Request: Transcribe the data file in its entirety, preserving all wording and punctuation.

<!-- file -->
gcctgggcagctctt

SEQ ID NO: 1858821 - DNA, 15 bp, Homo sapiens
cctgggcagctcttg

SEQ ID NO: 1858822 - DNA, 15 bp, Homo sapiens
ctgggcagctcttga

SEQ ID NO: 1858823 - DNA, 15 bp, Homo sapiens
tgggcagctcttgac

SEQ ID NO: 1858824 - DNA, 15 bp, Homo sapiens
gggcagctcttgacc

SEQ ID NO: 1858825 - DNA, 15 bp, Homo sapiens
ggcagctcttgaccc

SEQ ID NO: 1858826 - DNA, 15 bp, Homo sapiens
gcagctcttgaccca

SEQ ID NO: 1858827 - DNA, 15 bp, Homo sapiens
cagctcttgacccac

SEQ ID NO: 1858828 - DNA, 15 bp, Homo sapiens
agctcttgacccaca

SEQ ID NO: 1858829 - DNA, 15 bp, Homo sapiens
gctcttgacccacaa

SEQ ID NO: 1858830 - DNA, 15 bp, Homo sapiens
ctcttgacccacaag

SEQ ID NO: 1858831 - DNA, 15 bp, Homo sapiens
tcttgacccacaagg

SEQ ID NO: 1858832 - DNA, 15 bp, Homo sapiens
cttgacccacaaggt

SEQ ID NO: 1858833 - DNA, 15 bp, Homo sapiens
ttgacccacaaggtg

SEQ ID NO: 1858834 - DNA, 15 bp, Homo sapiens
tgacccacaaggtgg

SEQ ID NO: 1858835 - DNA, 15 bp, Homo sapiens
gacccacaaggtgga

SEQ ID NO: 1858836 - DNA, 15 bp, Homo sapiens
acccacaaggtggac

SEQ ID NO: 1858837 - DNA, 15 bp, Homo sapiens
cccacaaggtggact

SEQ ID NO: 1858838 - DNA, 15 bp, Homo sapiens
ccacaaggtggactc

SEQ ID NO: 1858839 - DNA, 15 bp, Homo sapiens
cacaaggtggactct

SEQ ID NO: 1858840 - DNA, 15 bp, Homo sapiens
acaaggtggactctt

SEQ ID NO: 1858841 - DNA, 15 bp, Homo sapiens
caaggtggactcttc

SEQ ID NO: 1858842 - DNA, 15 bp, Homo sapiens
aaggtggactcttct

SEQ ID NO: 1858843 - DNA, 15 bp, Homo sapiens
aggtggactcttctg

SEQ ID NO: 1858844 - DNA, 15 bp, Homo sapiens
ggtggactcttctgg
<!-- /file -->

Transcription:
gcctgggcagctctt

SEQ ID NO: 1858821 - DNA, 15 bp, Homo sapiens
cctgggcagctcttg

SEQ ID NO: 1858822 - DNA, 15 bp, Homo sapiens
ctgggcagctcttga

SEQ ID NO: 1858823 - DNA, 15 bp, Homo sapiens
tgggcagctcttgac

SEQ ID NO: 1858824 - DNA, 15 bp, Homo sapiens
gggcagctcttgacc

SEQ ID NO: 1858825 - DNA, 15 bp, Homo sapiens
ggcagctcttgaccc

SEQ ID NO: 1858826 - DNA, 15 bp, Homo sapiens
gcagctcttgaccca

SEQ ID NO: 1858827 - DNA, 15 bp, Homo sapiens
cagctcttgacccac

SEQ ID NO: 1858828 - DNA, 15 bp, Homo sapiens
agctcttgacccaca

SEQ ID NO: 1858829 - DNA, 15 bp, Homo sapiens
gctcttgacccacaa

SEQ ID NO: 1858830 - DNA, 15 bp, Homo sapiens
ctcttgacccacaag

SEQ ID NO: 1858831 - DNA, 15 bp, Homo sapiens
tcttgacccacaagg

SEQ ID NO: 1858832 - DNA, 15 bp, Homo sapiens
cttgacccacaaggt

SEQ ID NO: 1858833 - DNA, 15 bp, Homo sapiens
ttgacccacaaggtg

SEQ ID NO: 1858834 - DNA, 15 bp, Homo sapiens
tgacccacaaggtgg

SEQ ID NO: 1858835 - DNA, 15 bp, Homo sapiens
gacccacaaggtgga

SEQ ID NO: 1858836 - DNA, 15 bp, Homo sapiens
acccacaaggtggac

SEQ ID NO: 1858837 - DNA, 15 bp, Homo sapiens
cccacaaggtggact

SEQ ID NO: 1858838 - DNA, 15 bp, Homo sapiens
ccacaaggtggactc

SEQ ID NO: 1858839 - DNA, 15 bp, Homo sapiens
cacaaggtggactct

SEQ ID NO: 1858840 - DNA, 15 bp, Homo sapiens
acaaggtggactctt

SEQ ID NO: 1858841 - DNA, 15 bp, Homo sapiens
caaggtggactcttc

SEQ ID NO: 1858842 - DNA, 15 bp, Homo sapiens
aaggtggactcttct

SEQ ID NO: 1858843 - DNA, 15 bp, Homo sapiens
aggtggactcttctg

SEQ ID NO: 1858844 - DNA, 15 bp, Homo sapiens
ggtggactcttctgg